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Royal Air Force Air Cadet Names AERALIS’ First Test Aircraft Phoenix

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Royal Air Force Air Cadet Names AERALIS’ First Test Aircraft Phoenix

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Royal Air Force Air Cadet Names AERALIS’ First Test Aircraft Phoenix
Royal Air Force Air Cadet Names AERALIS’ First Test Aircraft Phoenix

The name was selected by a judging panel from over 800 names that were submitted as part of Mission 001, a competition with the RAF’s Air Cadets which saw hundreds of young aviation enthusiasts compete to name the first AERALIS test aircraft. The panel, consisting of senior AERALIS employees and RAF representatives including Air Vice-Marshal Simon Edwards, RAF Director People, and Air Commodore Tony Keeling, Commandant RAF Air Cadets, met last week to sift through over 800 names submitted by Air Cadets to pick their favourite. After hours of deliberation, the judges selected the name which most represented the spirit and ambition of the first AERALIS aircraft. And AERALIS has announced their first test aircraft will be named ‘Phoenix’.

The winner was a Cadet from Dawlish in Devon. In line with competition rules, he was picked at random from the 15 cadets who suggested the name Phoenix. He will receive a range of exciting prizes including a tour around the AERALIS facility to talk with key members of the business to help grow his understanding of the AERALIS project and the modern methods of aircraft design and manufacture. The 14 runners-up will also receive AERALIS prizes. The announcement today on National STEM Day highlights the business’ aim to inspire young people into engineering. AERALIS has been closely engaged with the Air Cadets over the past year, attending their National Air and Space Camp to talk with young aviation enthusiasts about the future of British aerospace design and manufacture. Following the conclusion of Mission 001, AERALIS will continue to work with the Air Cadets to launch further competitions, keeping the aviation talent of tomorrow engaged with the next generation of British aviation.

RAF Air Cadet names AERALIS’ first test aircraft Phoenix ~ name selected by a judging panel from over 800 submitted as part of Mission 001.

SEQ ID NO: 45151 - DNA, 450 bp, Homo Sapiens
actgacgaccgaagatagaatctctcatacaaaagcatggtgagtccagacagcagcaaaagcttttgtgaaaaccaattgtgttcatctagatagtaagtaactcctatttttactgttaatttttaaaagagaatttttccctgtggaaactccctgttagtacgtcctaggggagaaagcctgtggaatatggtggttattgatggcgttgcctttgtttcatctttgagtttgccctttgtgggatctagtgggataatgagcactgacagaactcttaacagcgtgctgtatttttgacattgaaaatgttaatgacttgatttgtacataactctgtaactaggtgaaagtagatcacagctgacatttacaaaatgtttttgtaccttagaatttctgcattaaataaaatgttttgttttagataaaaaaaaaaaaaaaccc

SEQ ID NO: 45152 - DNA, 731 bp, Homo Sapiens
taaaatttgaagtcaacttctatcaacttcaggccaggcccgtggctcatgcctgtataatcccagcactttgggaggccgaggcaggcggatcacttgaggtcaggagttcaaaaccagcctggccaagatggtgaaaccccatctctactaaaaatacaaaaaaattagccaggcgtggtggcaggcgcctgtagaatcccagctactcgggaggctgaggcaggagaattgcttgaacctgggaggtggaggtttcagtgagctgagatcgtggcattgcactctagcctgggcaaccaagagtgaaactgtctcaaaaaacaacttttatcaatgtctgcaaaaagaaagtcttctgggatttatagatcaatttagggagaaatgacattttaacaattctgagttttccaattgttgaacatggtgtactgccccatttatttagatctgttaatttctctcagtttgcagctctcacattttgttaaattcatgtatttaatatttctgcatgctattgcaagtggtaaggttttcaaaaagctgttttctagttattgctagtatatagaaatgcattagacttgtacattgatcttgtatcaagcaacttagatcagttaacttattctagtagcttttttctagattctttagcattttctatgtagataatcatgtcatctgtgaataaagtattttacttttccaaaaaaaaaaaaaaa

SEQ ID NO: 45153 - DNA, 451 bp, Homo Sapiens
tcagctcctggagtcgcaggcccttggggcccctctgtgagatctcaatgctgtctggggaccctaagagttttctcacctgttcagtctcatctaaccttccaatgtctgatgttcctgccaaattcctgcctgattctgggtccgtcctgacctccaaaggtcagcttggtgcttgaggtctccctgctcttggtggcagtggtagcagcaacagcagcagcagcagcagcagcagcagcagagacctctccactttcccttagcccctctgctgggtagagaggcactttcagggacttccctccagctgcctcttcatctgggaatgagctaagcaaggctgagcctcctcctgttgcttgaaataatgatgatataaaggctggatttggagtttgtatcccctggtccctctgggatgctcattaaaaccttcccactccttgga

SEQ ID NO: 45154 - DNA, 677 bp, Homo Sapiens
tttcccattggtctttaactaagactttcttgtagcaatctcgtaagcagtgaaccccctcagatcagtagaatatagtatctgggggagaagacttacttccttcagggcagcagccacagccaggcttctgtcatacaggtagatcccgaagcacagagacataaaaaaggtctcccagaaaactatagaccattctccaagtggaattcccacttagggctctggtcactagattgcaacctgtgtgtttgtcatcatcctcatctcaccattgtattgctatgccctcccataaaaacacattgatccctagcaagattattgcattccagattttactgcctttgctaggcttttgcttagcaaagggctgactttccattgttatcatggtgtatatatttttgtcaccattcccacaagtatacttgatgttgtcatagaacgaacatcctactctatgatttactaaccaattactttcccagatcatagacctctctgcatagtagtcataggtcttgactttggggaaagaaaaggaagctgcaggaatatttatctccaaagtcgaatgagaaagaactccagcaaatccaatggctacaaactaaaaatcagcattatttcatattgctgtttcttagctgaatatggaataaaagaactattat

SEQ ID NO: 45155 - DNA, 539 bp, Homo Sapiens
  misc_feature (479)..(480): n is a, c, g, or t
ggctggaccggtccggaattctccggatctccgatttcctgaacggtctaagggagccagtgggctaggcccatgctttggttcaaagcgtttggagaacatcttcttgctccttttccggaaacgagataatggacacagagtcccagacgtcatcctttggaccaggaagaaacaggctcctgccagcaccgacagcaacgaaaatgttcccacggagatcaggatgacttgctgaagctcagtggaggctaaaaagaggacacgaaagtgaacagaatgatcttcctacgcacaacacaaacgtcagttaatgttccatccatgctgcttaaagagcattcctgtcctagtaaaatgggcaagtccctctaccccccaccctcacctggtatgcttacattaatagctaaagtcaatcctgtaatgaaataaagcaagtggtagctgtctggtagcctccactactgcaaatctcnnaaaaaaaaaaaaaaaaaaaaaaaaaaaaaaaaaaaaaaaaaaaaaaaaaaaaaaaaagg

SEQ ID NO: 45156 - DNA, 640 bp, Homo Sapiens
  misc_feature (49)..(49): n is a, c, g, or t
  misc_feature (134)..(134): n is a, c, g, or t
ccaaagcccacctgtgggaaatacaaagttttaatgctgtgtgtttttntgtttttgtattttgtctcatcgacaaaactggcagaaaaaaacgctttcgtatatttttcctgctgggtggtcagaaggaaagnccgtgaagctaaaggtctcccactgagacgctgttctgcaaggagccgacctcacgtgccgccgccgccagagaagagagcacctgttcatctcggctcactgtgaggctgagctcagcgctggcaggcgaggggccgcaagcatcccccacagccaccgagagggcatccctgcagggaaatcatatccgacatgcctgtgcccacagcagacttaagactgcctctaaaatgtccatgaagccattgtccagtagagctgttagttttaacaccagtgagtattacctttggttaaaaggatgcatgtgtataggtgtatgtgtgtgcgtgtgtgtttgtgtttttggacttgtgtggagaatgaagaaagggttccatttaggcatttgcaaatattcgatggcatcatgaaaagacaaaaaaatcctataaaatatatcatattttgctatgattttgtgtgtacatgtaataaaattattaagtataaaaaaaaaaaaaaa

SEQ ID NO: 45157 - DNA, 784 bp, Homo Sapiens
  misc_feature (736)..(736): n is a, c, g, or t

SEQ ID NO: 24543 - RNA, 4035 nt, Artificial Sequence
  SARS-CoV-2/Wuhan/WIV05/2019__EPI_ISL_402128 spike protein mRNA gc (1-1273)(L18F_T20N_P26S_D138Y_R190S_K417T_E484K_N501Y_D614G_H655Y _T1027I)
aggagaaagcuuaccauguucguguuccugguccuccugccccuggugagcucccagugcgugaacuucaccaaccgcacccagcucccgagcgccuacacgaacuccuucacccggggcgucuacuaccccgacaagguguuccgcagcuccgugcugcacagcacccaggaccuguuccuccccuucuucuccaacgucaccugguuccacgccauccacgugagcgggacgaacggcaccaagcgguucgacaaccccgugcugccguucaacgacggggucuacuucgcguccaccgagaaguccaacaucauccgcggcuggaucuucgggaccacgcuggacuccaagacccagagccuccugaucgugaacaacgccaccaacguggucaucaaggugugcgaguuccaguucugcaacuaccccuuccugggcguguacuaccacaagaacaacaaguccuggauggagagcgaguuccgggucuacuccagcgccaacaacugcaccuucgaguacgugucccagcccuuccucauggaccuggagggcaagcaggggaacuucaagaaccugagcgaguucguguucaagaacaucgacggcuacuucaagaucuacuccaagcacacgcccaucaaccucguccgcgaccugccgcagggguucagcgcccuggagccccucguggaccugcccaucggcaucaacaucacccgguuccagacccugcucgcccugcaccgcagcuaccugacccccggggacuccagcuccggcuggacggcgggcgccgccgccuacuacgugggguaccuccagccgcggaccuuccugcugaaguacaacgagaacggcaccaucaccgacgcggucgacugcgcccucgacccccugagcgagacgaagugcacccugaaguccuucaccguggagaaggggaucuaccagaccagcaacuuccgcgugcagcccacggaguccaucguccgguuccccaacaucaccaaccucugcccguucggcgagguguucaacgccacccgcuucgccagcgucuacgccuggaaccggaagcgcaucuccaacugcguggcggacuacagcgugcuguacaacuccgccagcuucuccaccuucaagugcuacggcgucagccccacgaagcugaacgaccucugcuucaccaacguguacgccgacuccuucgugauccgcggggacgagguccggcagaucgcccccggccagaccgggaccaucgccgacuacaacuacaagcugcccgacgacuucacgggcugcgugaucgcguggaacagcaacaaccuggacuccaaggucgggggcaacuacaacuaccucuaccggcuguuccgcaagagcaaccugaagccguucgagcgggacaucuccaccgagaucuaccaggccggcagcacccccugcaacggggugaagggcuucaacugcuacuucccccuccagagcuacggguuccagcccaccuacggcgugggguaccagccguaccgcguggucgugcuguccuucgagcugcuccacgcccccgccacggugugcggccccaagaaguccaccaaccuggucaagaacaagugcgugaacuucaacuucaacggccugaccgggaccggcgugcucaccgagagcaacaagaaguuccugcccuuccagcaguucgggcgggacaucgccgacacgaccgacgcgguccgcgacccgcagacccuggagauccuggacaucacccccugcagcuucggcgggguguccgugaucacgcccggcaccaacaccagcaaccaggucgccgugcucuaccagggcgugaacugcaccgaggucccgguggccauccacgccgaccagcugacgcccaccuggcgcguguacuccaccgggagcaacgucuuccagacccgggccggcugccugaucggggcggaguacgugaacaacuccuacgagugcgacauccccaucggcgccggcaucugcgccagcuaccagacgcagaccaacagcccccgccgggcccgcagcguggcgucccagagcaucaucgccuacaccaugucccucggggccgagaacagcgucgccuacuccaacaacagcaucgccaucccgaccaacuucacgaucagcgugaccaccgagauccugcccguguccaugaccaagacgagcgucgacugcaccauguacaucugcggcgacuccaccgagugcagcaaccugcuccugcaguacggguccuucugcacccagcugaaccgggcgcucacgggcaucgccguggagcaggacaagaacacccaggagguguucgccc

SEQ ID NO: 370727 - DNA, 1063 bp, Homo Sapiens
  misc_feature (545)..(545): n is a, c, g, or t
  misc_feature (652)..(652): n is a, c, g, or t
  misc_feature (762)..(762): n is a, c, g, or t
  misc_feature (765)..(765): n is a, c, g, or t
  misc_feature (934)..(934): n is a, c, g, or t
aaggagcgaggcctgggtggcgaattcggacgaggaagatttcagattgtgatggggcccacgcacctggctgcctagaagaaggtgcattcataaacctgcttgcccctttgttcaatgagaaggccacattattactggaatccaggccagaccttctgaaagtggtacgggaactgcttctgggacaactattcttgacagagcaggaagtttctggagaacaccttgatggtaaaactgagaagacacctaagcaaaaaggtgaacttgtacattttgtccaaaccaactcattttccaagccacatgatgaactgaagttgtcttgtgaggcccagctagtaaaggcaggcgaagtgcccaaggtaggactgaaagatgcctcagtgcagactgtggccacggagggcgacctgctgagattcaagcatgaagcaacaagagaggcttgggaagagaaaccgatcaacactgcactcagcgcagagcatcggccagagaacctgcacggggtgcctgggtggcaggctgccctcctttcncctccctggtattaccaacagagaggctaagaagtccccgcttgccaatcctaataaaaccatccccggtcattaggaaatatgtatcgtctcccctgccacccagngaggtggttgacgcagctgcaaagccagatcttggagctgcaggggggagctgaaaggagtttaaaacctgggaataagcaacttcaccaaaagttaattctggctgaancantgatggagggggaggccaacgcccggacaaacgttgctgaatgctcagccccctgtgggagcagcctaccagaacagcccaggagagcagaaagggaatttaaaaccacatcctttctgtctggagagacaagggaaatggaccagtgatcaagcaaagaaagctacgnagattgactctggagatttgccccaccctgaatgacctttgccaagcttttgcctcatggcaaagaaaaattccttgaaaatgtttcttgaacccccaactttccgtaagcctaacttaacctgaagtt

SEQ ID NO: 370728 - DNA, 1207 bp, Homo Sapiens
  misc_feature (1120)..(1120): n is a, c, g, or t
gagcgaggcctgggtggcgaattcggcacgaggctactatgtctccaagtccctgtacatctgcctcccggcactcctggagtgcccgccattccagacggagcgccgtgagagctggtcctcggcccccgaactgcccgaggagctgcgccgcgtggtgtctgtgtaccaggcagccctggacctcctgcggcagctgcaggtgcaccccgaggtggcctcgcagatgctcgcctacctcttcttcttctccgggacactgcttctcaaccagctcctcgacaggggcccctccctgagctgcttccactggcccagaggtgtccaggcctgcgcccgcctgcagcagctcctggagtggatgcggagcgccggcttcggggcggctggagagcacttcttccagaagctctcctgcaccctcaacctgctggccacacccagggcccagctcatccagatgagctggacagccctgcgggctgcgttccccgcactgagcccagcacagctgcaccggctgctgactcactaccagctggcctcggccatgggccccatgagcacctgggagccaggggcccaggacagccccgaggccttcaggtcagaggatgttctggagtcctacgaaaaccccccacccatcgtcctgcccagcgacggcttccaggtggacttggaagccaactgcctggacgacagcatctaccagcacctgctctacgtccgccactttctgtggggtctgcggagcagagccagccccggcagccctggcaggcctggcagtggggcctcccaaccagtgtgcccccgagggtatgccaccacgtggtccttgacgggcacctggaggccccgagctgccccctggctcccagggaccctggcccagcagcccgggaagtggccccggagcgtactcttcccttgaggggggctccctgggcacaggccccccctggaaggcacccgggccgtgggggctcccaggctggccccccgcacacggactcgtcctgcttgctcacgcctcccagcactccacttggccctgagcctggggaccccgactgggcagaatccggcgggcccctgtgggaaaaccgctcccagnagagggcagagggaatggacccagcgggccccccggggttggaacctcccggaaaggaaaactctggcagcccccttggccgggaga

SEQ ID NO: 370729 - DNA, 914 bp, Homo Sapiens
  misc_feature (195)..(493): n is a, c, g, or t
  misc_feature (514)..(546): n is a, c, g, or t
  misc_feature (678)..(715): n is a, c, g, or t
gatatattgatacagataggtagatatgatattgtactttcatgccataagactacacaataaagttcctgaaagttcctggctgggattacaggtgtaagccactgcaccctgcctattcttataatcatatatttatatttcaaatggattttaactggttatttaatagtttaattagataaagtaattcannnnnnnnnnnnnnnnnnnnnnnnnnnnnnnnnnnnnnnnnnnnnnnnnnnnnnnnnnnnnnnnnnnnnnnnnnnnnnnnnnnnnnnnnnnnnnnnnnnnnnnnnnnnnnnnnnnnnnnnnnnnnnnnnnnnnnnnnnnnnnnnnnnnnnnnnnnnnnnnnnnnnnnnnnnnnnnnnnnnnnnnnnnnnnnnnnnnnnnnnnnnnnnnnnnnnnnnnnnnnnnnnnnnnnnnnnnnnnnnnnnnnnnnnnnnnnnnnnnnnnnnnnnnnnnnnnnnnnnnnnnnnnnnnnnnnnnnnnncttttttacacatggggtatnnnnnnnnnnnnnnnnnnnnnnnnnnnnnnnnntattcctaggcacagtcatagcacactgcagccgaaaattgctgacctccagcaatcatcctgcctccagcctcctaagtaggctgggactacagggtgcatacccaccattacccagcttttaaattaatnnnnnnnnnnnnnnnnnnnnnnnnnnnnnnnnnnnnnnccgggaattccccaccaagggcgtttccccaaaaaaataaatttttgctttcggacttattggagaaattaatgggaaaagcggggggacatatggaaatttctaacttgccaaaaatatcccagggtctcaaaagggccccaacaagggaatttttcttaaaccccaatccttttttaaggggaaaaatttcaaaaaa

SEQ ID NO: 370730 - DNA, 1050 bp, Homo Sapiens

RAF Air Cadet names AERALIS’ first test aircraft Phoenix ~ name selected by a judging panel from over 800 submitted as part of Mission 001. (Photo by AERALIS)

“A huge thank you to all the Air Cadets who took part in the competition and submitted names for the aircraft, the judging panel were highly impressed with the quality of names and the thought that went into them. Phoenix is a superb name for our first test aircraft, and we look forward to welcoming the winner to our facility in Bristol,” Tristan Crawford, founder and CEO or AERALIS said.

“It was amazing to have AERALIS launch Mission 001 at our National Air and Space Camp and I’m delighted with the response to the naming competition. Over 800 Air Cadets submitted their ideas to name the first test aircraft, and I was very impressed by the broad range of names and the reasons why it should be chosen. My thanks to AERALIS for providing such an imaginative way to engage the next generation, and to our Air Cadets for their collective brilliance,” Air Commodore Tony Keeling, Commandant of the Air Cadets said.

The Aeralis Advanced Jet Trainer (ADJ) is an advanced jet trainer aircraft designed by Aeralis in the United Kingdom. It is the initial variant of a family of modular aircraft which are reconfigurable to cover a variety of roles, including operational training, basic jet training, aerobatics/display and light combat. Work on the ADJ begun during the early 2010s; the project was publicly announced in June 2015 under the initial name of Dart. Funding was sought from various sources, both within Britain and internationally; in February 2021, the Rapid Capabilities Office of the Royal Air Force (RAF) awarded a three year control for the further development of the aircraft; the service is reviewing the aircraft for various purposes, including the Future Combat Air System (FCAS) initiative and as a potential replacement for its aging BAE Systems Hawk aircraft.

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